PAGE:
History Recommendations

De la Joya Street, a story of shared love

By Todito Centro

When we walk through the Centro Historico, between the hustle and bustle, street vendors and all that folklore, that without it the city would not be the same, we lose sight of the most elementary, which gave us identity as a nation and this is the story of our streets, why there are names of streets such as de la Machincuepa ,de las Ratas, las Lecheras, de los Parados, de la Palma, de la Penitenciaría o el callejón Sal Si Puedes, These names we owe them to their recognized inhabitants sometimes to some important event happened there or simply to the convents.
 On this occasion we will try to unravel the reason for Calle de la Joya, we will reach it through the street 5 de Febrero, she will be our driving thread to arrive at the history that awaits us there.
 We start from the City Hall Palace, which today houses the CDMX government offices. From its right side begins a street that apparently does not tell us much with its name, it is the 5 de Febrero street. Although this date does not seem transcendental, it is of the utmost importance for our country, since that day, but from 1917, our Magna Carta, the Constitution of 1917 (yes, that of the subway station) that until today in day governs us.
 This street of 5 de Febrero is made up of 5 blocks which are very versatile, as we travel through it, in the first block called First Street of 5 de Febrero, we find what at some point in this city would mark the trends of clothing. We talked about department stores such as El Nuevo Mundo and the first store that would break up with the schemes of poorly smoked dependents according to the chronicles and that would place the image of the seller on commission to have greater and better attention. We refer to the oldest department store in Mexico, the Palacio de Hierro, created in 1891 and opened by Porfirio Diaz, the same business that initially sold clothes in the drawers of the Portal de las Flores (Zócalo). These stores were the Perisur, Antara Square or the Santa Fe Shopping Center of our day.
 For the Second Street of 5 de Febrero, the street item is not changed much, since we find the old building of the Puerto de Veracruz, where the great and eloquent poet Gutiérrez Nájera worked, when he was a child. In front of the port building, we find a portentous and majestic building covered in white marble, whose upper part was topped by a colossal dome decorated with mosaic and elaborated by the engineer Miguel Ángel de Quevedo (yes, once again, that of the line of the subway) that originally was contemplated to house a store called Fábricas Universales.
 Already entered the Third Street of 5 de Febrero, fashion changes for health. We began to find pharmacies, which at some point in the colonial era and even in independent Mexico housed the famous apothecaries. The sale of these products at this height of the street is not fortuitous, it is due to its proximity to the Hospital de Jesús el Nazareno, which was the first hospital in all of America and commanded to be created in 1524 by Hernán Cortez Monroy Pizarro de Altamirano, In fact, it is the place where the remains of the conqueror rest today.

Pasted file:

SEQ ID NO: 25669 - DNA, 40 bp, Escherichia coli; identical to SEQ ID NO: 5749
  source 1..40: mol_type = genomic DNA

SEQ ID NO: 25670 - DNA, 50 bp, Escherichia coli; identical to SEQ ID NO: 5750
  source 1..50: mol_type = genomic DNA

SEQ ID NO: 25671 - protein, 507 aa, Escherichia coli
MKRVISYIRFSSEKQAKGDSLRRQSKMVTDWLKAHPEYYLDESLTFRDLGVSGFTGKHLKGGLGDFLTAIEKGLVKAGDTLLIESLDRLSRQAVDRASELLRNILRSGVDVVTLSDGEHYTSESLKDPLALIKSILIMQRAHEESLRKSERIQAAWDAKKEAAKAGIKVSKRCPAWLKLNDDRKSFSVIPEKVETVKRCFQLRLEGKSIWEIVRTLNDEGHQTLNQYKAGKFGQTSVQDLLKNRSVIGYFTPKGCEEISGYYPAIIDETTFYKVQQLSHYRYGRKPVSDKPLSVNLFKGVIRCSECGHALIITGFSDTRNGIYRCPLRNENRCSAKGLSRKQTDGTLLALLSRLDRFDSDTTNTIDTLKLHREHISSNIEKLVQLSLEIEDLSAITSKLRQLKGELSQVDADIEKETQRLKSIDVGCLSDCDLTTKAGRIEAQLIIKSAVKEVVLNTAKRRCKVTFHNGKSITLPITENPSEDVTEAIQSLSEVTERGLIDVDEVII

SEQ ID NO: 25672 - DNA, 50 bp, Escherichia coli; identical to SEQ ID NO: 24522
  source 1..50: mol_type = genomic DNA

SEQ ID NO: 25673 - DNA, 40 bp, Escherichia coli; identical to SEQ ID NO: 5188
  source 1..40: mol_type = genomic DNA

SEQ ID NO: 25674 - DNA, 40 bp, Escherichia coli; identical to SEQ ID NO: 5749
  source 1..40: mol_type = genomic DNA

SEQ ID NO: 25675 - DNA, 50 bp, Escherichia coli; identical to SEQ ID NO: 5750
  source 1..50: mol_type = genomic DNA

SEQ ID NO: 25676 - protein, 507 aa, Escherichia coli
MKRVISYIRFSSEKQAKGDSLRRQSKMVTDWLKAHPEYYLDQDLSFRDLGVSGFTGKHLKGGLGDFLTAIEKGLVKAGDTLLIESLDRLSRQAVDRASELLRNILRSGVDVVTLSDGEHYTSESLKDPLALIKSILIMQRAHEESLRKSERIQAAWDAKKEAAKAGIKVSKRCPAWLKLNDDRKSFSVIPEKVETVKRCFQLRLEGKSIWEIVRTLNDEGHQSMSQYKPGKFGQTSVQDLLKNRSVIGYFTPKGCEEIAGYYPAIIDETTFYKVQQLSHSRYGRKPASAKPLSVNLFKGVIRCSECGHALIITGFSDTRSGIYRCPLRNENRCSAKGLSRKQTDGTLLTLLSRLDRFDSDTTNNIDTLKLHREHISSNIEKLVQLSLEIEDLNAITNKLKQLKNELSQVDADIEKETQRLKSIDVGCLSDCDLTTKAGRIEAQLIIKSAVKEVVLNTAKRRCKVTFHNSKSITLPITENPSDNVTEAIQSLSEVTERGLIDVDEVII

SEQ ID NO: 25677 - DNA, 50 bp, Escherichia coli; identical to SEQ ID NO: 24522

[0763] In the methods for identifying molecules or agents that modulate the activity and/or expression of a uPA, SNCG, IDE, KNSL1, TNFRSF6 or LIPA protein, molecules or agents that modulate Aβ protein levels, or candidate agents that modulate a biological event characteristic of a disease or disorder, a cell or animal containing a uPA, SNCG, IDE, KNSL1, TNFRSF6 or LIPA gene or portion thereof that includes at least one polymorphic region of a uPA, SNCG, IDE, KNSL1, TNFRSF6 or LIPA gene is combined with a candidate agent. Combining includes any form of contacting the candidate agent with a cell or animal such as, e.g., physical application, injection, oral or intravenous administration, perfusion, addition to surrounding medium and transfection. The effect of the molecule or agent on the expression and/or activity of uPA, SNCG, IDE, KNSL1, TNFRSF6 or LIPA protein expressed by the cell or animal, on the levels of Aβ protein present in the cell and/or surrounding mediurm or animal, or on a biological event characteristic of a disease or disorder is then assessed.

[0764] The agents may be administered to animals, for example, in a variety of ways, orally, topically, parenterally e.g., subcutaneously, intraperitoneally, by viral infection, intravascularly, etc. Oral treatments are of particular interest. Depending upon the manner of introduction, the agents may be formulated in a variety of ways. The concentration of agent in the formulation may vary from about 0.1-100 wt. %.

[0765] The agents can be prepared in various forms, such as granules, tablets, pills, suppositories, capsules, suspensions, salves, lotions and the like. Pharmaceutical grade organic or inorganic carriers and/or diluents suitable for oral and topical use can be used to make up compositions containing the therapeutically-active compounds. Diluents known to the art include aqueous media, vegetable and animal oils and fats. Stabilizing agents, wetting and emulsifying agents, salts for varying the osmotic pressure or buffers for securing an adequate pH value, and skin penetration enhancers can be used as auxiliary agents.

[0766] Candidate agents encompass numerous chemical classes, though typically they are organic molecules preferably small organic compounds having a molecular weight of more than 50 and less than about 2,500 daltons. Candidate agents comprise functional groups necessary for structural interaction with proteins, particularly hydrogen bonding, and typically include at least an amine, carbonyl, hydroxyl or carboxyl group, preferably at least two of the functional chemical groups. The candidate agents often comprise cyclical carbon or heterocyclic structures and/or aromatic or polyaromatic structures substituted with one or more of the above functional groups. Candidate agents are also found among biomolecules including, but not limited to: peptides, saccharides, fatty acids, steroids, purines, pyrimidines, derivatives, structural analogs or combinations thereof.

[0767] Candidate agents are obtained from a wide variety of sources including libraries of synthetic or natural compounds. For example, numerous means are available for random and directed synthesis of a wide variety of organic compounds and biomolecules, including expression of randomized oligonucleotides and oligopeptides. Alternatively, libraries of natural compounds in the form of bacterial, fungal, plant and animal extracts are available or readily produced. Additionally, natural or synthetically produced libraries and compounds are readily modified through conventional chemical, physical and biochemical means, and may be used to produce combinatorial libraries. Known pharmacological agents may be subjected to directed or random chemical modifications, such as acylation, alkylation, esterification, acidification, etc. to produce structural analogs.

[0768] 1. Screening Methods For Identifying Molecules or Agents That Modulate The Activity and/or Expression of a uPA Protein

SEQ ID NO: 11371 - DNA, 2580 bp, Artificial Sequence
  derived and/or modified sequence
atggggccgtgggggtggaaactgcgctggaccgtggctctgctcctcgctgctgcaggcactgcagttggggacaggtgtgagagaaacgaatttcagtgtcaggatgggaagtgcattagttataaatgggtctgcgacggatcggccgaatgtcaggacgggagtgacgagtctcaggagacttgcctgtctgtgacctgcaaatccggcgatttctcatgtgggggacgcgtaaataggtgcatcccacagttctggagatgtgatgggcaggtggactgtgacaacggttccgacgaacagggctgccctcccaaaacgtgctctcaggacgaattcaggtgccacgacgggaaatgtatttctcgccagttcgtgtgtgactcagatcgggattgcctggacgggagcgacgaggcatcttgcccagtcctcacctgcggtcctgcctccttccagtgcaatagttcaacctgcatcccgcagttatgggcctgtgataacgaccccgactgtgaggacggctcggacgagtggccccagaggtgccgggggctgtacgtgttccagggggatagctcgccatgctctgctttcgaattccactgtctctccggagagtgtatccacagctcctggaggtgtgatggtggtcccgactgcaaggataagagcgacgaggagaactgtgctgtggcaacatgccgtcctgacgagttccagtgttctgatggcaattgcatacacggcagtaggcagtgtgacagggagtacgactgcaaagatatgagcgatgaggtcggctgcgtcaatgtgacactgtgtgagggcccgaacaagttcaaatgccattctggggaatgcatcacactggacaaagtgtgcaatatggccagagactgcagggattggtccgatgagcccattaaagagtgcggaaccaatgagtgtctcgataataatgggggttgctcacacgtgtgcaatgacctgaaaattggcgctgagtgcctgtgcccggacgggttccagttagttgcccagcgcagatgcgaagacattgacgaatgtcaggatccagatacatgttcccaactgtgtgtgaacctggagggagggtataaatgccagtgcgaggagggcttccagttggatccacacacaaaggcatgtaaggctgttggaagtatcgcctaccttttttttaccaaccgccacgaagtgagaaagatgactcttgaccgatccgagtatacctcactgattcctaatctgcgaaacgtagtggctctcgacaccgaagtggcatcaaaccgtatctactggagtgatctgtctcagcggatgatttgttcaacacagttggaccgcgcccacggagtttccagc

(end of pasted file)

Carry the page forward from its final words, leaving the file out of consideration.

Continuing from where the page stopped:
Finally arriving at the Fourth Street of 5 de Febrero; at its junction with Calle Mesones, we find a building very colonial style, which carries a plaque that shows and tells us that this section was formerly known as the street La Joya. According to the vox populi of the twentieth century, which this street will be called in that way, it is due to a love of three. The legend tells us that here the story of jealousy of a wealthy merchant from New Spain named Alonso Fernández de Bobadilla took place, who was Mrs. Isabel’s husband who was such a beautiful woman that men constantly courted her. One day an anonymous appeared in the window of Don Alonso’s studio, which had written that his wife was being unfaithful and that he had affairs outside of marriage. That same day when he arrives at his house he tells his wife that he has to leave, that the viceroy is looking for him to deal with some issues with him, when he leaves his abode he disguises himself with a cape and a hat, he waits outside his anxious house To see who comes to her. Soon after, the town hall prosecutor shows up at the house; Raúl de Lara, but not attending alone, but with a great and beautiful present, was a bracelet with several jewels. Suddenly, Don Alonso arrives, mad with jealousy and watching the scene of the procession, throws himself on this love affair and stabs them, takes the dagger and the jewel again, with bloody hands he goes to the street and right in his gate he nails the dagger holding the jewel to demonstrate how to defend honor.
 Although this story seems taken from a book by Shakespeare, Vicente Riva Palacio wrote it in 1882 in the newspaper La República and today we can find it in a book called “Tradiciones y Leyendas Mexicanas” by Riva Palacio and Juan de Dios Peza. Unfortunately this is only a legend which was left in our collective imaginary to give it that romanticism that we love, since José María Marroquí, in his book Mexico City (volume III), tells us that after investigating several documents of cabildos, from where the name of that street originated, he did not obtain information which justified this name, when he reads in the newspaper of La Republica the text of Riva Palacio, he will visit him immediately to ask him how it was that he obtained those data, which he had been playing from house to house to gather information from those who lived on that street and nobody knew how to give it a reason, to which Riva Palacios answered these precise words “Do not believe, everything is imagination”.

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